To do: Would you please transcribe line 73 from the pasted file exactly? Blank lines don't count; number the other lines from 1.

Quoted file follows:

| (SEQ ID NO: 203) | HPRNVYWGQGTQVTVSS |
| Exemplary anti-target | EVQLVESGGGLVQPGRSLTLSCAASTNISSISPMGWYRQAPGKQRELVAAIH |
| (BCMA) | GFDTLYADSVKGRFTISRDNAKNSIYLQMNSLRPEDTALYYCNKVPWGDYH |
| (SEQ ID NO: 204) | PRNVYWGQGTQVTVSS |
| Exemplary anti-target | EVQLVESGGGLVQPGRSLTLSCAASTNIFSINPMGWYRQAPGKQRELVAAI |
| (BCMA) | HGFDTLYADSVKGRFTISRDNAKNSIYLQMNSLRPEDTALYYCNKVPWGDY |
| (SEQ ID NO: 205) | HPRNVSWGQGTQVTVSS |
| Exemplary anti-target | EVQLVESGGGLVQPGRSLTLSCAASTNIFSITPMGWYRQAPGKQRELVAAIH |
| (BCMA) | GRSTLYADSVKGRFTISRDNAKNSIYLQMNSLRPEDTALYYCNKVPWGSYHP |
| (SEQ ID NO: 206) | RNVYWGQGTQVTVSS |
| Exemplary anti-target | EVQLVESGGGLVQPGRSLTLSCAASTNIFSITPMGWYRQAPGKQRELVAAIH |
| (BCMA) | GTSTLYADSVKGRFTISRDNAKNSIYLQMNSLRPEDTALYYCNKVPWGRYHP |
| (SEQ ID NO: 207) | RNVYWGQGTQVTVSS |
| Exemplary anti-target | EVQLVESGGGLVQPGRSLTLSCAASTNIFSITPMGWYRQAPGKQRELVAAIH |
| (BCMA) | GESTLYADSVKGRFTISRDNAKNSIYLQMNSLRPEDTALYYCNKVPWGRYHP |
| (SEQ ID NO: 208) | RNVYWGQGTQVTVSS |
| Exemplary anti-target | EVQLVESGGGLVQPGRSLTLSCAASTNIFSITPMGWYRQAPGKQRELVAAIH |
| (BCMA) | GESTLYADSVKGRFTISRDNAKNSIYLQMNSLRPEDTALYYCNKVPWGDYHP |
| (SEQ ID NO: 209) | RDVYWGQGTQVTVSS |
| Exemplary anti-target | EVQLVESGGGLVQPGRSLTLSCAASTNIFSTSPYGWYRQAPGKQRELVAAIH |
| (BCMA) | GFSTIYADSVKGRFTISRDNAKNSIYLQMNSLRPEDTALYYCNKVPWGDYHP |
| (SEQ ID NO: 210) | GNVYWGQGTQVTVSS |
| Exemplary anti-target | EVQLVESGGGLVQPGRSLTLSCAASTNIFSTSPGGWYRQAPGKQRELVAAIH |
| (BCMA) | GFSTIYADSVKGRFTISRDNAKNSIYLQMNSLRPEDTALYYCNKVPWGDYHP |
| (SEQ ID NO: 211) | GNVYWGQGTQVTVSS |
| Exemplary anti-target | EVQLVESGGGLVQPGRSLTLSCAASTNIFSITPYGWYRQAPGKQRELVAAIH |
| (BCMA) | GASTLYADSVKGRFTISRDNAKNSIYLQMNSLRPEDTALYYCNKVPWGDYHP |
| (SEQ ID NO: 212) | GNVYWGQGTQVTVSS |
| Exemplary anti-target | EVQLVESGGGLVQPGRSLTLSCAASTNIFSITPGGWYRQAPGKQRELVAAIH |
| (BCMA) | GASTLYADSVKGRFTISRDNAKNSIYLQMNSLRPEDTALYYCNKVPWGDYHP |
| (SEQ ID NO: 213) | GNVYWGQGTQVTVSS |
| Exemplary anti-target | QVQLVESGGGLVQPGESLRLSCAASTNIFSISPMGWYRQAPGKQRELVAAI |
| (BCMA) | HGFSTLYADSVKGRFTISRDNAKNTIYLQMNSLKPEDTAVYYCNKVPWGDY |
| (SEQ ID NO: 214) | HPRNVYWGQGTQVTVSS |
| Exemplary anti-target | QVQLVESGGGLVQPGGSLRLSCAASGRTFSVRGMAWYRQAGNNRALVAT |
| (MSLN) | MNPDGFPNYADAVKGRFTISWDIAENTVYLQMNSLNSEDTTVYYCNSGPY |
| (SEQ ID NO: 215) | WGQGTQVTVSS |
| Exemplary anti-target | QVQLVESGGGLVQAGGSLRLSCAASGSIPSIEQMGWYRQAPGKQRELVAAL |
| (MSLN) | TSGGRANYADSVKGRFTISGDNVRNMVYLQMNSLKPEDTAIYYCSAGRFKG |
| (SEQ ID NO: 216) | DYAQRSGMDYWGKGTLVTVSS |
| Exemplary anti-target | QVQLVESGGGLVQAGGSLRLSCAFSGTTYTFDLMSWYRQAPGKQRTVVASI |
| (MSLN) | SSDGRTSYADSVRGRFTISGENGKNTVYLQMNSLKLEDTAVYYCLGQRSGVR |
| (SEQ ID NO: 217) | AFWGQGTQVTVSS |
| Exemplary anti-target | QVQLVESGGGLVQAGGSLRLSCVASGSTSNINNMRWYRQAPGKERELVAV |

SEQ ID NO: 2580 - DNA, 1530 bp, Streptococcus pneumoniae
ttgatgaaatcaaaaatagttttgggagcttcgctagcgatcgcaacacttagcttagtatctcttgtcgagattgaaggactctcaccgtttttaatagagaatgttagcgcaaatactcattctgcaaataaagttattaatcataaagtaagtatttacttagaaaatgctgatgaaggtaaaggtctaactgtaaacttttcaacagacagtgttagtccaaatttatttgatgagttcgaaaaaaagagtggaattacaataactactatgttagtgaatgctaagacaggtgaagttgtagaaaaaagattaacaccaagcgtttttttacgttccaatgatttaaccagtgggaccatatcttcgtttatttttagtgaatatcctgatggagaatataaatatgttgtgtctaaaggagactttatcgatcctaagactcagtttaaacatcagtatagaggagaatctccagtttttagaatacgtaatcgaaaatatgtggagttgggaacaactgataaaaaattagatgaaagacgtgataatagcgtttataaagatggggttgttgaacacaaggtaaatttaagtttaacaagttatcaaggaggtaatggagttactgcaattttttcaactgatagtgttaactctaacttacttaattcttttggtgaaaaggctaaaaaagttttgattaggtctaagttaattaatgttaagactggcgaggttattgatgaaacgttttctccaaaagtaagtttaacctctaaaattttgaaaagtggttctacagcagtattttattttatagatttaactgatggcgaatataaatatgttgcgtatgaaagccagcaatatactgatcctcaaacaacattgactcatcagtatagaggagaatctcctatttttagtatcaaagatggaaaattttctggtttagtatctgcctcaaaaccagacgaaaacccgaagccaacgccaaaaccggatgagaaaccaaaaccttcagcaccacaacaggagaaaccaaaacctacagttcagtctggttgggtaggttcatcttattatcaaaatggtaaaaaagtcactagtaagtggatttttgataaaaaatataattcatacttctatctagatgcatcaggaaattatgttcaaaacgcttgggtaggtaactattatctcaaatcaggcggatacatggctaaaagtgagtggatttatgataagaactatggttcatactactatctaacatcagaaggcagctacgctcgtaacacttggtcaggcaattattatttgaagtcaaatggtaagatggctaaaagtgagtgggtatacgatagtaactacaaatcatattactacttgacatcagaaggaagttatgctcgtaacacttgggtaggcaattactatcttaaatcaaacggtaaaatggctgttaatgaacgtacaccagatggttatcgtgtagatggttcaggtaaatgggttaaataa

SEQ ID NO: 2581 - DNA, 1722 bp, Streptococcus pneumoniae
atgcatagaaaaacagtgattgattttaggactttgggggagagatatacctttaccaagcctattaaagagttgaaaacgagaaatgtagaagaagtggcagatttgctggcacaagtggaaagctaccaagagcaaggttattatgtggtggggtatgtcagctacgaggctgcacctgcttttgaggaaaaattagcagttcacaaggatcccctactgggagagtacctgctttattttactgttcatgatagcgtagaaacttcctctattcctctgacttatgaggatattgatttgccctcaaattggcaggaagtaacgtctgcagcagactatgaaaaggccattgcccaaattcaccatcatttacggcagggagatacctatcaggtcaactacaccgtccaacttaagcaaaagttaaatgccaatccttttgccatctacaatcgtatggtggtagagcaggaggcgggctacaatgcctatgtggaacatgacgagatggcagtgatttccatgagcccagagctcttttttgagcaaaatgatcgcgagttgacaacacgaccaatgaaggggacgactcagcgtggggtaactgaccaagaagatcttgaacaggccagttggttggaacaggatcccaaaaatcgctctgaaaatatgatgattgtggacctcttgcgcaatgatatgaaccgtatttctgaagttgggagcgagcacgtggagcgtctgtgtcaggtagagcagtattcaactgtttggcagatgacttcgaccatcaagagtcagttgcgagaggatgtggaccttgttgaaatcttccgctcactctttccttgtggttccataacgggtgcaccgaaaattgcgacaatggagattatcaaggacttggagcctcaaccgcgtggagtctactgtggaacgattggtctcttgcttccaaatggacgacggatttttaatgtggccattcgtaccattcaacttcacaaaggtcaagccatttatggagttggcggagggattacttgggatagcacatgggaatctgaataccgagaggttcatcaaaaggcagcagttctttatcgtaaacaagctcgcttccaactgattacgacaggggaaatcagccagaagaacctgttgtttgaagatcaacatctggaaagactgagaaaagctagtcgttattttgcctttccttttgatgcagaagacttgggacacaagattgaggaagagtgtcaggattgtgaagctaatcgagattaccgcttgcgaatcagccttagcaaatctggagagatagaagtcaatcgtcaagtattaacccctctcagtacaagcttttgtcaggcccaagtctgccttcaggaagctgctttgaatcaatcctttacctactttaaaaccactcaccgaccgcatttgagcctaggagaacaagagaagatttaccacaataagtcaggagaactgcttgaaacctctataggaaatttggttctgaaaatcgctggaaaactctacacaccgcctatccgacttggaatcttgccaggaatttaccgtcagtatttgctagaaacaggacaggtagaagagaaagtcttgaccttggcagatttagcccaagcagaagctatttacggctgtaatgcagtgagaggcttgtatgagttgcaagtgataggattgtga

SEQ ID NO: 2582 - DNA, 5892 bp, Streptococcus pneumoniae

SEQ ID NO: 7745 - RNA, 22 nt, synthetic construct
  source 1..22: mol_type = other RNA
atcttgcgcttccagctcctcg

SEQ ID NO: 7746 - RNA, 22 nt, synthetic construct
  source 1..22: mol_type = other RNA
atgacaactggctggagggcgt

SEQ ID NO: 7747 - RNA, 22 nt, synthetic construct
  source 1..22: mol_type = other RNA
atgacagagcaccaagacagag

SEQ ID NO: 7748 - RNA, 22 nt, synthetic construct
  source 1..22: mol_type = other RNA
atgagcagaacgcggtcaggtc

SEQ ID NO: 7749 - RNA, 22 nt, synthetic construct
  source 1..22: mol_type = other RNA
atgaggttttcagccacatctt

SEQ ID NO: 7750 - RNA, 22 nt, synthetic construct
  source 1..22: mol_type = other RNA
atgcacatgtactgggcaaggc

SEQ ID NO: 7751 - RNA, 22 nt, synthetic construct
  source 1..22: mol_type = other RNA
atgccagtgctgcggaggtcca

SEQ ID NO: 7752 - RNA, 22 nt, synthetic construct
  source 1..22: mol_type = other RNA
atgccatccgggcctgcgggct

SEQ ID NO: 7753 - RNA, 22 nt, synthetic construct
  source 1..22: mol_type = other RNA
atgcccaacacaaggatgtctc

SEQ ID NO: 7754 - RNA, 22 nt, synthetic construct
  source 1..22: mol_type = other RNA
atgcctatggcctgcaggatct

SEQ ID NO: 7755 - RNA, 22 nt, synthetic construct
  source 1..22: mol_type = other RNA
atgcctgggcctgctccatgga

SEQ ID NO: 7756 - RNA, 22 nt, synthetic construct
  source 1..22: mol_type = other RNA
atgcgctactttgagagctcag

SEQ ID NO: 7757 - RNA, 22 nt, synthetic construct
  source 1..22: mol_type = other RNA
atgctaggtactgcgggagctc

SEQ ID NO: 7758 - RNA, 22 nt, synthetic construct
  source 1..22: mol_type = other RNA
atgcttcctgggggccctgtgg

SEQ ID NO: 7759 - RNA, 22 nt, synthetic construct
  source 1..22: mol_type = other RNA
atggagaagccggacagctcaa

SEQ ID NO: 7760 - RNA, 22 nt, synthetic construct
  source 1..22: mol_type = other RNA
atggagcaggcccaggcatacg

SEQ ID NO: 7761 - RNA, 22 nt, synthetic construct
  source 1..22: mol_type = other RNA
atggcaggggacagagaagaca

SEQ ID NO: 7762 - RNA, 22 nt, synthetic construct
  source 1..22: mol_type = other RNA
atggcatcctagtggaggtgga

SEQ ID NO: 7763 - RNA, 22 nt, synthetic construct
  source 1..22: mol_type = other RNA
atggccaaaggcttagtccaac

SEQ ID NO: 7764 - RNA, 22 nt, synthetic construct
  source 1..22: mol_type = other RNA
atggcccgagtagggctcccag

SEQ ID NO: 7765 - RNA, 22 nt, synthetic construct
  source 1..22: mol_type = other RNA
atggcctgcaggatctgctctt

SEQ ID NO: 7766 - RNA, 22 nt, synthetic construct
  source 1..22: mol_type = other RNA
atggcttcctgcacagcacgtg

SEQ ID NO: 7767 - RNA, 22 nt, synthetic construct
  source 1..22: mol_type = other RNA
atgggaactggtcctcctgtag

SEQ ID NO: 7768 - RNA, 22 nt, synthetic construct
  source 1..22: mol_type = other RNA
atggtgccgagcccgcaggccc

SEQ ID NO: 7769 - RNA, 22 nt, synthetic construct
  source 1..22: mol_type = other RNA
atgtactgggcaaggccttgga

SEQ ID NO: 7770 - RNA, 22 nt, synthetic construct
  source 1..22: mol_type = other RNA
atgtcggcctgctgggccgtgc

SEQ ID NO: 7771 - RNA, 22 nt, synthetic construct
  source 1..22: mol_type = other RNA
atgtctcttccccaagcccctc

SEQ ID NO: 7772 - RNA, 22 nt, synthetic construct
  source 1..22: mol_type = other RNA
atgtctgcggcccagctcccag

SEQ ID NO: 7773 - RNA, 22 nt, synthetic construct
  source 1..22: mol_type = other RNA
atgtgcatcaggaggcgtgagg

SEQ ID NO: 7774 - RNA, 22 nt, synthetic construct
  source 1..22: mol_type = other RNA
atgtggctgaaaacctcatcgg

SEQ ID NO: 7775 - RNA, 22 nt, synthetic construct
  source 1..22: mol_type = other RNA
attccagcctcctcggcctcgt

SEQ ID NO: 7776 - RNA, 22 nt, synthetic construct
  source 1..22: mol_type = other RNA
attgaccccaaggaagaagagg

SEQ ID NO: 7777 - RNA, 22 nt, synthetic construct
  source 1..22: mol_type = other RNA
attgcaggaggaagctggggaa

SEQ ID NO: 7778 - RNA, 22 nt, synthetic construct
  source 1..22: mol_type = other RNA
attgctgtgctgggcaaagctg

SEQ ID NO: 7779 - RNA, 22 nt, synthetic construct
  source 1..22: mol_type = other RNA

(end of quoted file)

atgccatccgggcctgcgggct